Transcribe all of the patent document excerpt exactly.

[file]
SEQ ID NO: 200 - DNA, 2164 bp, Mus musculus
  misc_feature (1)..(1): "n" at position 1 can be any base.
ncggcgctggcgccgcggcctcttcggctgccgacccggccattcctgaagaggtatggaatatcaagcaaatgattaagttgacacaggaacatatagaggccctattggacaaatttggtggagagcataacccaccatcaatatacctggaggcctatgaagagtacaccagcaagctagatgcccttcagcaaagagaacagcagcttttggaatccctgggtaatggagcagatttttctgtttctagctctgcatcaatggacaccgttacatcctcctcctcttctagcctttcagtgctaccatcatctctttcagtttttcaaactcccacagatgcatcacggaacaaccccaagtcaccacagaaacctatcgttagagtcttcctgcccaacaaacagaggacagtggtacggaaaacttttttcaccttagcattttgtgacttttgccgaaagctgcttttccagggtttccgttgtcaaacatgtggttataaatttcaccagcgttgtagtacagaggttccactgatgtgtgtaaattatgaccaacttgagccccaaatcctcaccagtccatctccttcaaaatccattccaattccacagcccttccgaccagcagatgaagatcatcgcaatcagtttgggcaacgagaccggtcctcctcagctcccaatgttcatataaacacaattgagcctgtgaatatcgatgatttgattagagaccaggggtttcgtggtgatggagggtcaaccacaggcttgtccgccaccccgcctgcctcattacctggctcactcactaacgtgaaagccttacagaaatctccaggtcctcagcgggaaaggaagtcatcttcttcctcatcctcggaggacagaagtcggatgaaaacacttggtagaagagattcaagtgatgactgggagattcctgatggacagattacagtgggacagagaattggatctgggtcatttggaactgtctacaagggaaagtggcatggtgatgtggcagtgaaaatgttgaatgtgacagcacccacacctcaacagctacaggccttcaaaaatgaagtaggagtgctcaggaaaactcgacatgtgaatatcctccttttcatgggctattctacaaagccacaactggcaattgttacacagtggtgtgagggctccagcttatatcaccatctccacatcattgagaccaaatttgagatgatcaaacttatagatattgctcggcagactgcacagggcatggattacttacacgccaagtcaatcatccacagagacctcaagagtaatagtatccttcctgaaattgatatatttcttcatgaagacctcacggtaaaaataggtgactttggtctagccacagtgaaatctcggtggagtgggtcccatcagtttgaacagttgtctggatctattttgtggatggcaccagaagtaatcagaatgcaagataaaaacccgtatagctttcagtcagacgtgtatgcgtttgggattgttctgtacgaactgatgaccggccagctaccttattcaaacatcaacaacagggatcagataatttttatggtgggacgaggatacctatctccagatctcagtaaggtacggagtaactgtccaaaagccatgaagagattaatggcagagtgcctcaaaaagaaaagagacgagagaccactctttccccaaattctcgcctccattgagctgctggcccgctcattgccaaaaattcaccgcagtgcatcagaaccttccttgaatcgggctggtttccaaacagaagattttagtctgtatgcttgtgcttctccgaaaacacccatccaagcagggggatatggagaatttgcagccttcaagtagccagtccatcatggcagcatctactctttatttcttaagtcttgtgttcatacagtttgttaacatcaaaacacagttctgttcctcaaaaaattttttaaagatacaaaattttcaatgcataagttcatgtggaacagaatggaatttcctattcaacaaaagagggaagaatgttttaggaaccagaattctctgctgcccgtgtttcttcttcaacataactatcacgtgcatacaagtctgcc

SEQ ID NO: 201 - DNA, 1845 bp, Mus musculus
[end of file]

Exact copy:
SEQ ID NO: 200 - DNA, 2164 bp, Mus musculus
  misc_feature (1)..(1): "n" at position 1 can be any base.
ncggcgctggcgccgcggcctcttcggctgccgacccggccattcctgaagaggtatggaatatcaagcaaatgattaagttgacacaggaacatatagaggccctattggacaaatttggtggagagcataacccaccatcaatatacctggaggcctatgaagagtacaccagcaagctagatgcccttcagcaaagagaacagcagcttttggaatccctgggtaatggagcagatttttctgtttctagctctgcatcaatggacaccgttacatcctcctcctcttctagcctttcagtgctaccatcatctctttcagtttttcaaactcccacagatgcatcacggaacaaccccaagtcaccacagaaacctatcgttagagtcttcctgcccaacaaacagaggacagtggtacggaaaacttttttcaccttagcattttgtgacttttgccgaaagctgcttttccagggtttccgttgtcaaacatgtggttataaatttcaccagcgttgtagtacagaggttccactgatgtgtgtaaattatgaccaacttgagccccaaatcctcaccagtccatctccttcaaaatccattccaattccacagcccttccgaccagcagatgaagatcatcgcaatcagtttgggcaacgagaccggtcctcctcagctcccaatgttcatataaacacaattgagcctgtgaatatcgatgatttgattagagaccaggggtttcgtggtgatggagggtcaaccacaggcttgtccgccaccccgcctgcctcattacctggctcactcactaacgtgaaagccttacagaaatctccaggtcctcagcgggaaaggaagtcatcttcttcctcatcctcggaggacagaagtcggatgaaaacacttggtagaagagattcaagtgatgactgggagattcctgatggacagattacagtgggacagagaattggatctgggtcatttggaactgtctacaagggaaagtggcatggtgatgtggcagtgaaaatgttgaatgtgacagcacccacacctcaacagctacaggccttcaaaaatgaagtaggagtgctcaggaaaactcgacatgtgaatatcctccttttcatgggctattctacaaagccacaactggcaattgttacacagtggtgtgagggctccagcttatatcaccatctccacatcattgagaccaaatttgagatgatcaaacttatagatattgctcggcagactgcacagggcatggattacttacacgccaagtcaatcatccacagagacctcaagagtaatagtatccttcctgaaattgatatatttcttcatgaagacctcacggtaaaaataggtgactttggtctagccacagtgaaatctcggtggagtgggtcccatcagtttgaacagttgtctggatctattttgtggatggcaccagaagtaatcagaatgcaagataaaaacccgtatagctttcagtcagacgtgtatgcgtttgggattgttctgtacgaactgatgaccggccagctaccttattcaaacatcaacaacagggatcagataatttttatggtgggacgaggatacctatctccagatctcagtaaggtacggagtaactgtccaaaagccatgaagagattaatggcagagtgcctcaaaaagaaaagagacgagagaccactctttccccaaattctcgcctccattgagctgctggcccgctcattgccaaaaattcaccgcagtgcatcagaaccttccttgaatcgggctggtttccaaacagaagattttagtctgtatgcttgtgcttctccgaaaacacccatccaagcagggggatatggagaatttgcagccttcaagtagccagtccatcatggcagcatctactctttatttcttaagtcttgtgttcatacagtttgttaacatcaaaacacagttctgttcctcaaaaaattttttaaagatacaaaattttcaatgcataagttcatgtggaacagaatggaatttcctattcaacaaaagagggaagaatgttttaggaaccagaattctctgctgcccgtgtttcttcttcaacataactatcacgtgcatacaagtctgcc

SEQ ID NO: 201 - DNA, 1845 bp, Mus musculus